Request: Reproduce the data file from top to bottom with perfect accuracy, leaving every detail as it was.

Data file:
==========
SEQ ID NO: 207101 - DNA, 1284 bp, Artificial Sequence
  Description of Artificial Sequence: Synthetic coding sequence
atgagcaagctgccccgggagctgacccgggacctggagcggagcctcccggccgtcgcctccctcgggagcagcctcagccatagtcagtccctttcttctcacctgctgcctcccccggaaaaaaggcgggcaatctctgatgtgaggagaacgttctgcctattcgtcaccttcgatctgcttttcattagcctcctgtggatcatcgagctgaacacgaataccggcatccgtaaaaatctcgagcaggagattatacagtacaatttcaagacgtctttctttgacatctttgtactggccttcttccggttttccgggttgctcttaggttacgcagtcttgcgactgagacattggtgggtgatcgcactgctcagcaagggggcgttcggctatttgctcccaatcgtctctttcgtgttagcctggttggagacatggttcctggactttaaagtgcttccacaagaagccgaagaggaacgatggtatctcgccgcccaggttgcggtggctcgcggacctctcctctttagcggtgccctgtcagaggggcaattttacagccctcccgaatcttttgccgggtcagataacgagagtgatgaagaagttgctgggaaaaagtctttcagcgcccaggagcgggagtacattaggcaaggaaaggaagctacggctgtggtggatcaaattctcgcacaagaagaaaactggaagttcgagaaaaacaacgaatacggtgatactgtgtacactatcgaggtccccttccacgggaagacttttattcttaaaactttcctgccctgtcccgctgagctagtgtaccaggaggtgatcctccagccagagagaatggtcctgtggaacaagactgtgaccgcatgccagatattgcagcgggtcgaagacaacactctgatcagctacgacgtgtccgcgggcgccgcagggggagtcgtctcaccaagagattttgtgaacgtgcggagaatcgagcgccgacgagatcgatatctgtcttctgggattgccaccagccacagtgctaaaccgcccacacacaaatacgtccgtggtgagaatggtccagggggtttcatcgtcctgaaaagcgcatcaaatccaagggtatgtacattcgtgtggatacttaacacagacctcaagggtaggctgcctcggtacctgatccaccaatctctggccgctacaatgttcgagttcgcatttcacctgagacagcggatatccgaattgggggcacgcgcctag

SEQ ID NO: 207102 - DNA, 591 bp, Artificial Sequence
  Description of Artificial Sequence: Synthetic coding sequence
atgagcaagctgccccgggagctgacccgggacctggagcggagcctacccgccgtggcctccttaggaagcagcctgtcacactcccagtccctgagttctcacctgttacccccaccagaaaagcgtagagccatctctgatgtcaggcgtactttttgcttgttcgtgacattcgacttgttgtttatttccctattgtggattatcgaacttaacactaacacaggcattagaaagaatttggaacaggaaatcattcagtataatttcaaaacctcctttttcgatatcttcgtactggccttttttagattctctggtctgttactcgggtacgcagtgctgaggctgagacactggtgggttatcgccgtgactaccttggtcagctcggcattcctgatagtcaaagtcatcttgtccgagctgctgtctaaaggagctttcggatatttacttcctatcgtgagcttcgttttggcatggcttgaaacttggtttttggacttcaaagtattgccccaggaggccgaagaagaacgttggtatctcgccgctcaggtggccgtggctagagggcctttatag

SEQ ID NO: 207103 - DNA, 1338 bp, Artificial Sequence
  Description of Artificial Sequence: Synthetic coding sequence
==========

SEQ ID NO: 207101 - DNA, 1284 bp, Artificial Sequence
  Description of Artificial Sequence: Synthetic coding sequence
atgagcaagctgccccgggagctgacccgggacctggagcggagcctcccggccgtcgcctccctcgggagcagcctcagccatagtcagtccctttcttctcacctgctgcctcccccggaaaaaaggcgggcaatctctgatgtgaggagaacgttctgcctattcgtcaccttcgatctgcttttcattagcctcctgtggatcatcgagctgaacacgaataccggcatccgtaaaaatctcgagcaggagattatacagtacaatttcaagacgtctttctttgacatctttgtactggccttcttccggttttccgggttgctcttaggttacgcagtcttgcgactgagacattggtgggtgatcgcactgctcagcaagggggcgttcggctatttgctcccaatcgtctctttcgtgttagcctggttggagacatggttcctggactttaaagtgcttccacaagaagccgaagaggaacgatggtatctcgccgcccaggttgcggtggctcgcggacctctcctctttagcggtgccctgtcagaggggcaattttacagccctcccgaatcttttgccgggtcagataacgagagtgatgaagaagttgctgggaaaaagtctttcagcgcccaggagcgggagtacattaggcaaggaaaggaagctacggctgtggtggatcaaattctcgcacaagaagaaaactggaagttcgagaaaaacaacgaatacggtgatactgtgtacactatcgaggtccccttccacgggaagacttttattcttaaaactttcctgccctgtcccgctgagctagtgtaccaggaggtgatcctccagccagagagaatggtcctgtggaacaagactgtgaccgcatgccagatattgcagcgggtcgaagacaacactctgatcagctacgacgtgtccgcgggcgccgcagggggagtcgtctcaccaagagattttgtgaacgtgcggagaatcgagcgccgacgagatcgatatctgtcttctgggattgccaccagccacagtgctaaaccgcccacacacaaatacgtccgtggtgagaatggtccagggggtttcatcgtcctgaaaagcgcatcaaatccaagggtatgtacattcgtgtggatacttaacacagacctcaagggtaggctgcctcggtacctgatccaccaatctctggccgctacaatgttcgagttcgcatttcacctgagacagcggatatccgaattgggggcacgcgcctag

SEQ ID NO: 207102 - DNA, 591 bp, Artificial Sequence
  Description of Artificial Sequence: Synthetic coding sequence
atgagcaagctgccccgggagctgacccgggacctggagcggagcctacccgccgtggcctccttaggaagcagcctgtcacactcccagtccctgagttctcacctgttacccccaccagaaaagcgtagagccatctctgatgtcaggcgtactttttgcttgttcgtgacattcgacttgttgtttatttccctattgtggattatcgaacttaacactaacacaggcattagaaagaatttggaacaggaaatcattcagtataatttcaaaacctcctttttcgatatcttcgtactggccttttttagattctctggtctgttactcgggtacgcagtgctgaggctgagacactggtgggttatcgccgtgactaccttggtcagctcggcattcctgatagtcaaagtcatcttgtccgagctgctgtctaaaggagctttcggatatttacttcctatcgtgagcttcgttttggcatggcttgaaacttggtttttggacttcaaagtattgccccaggaggccgaagaagaacgttggtatctcgccgctcaggtggccgtggctagagggcctttatag

SEQ ID NO: 207103 - DNA, 1338 bp, Artificial Sequence
  Description of Artificial Sequence: Synthetic coding sequence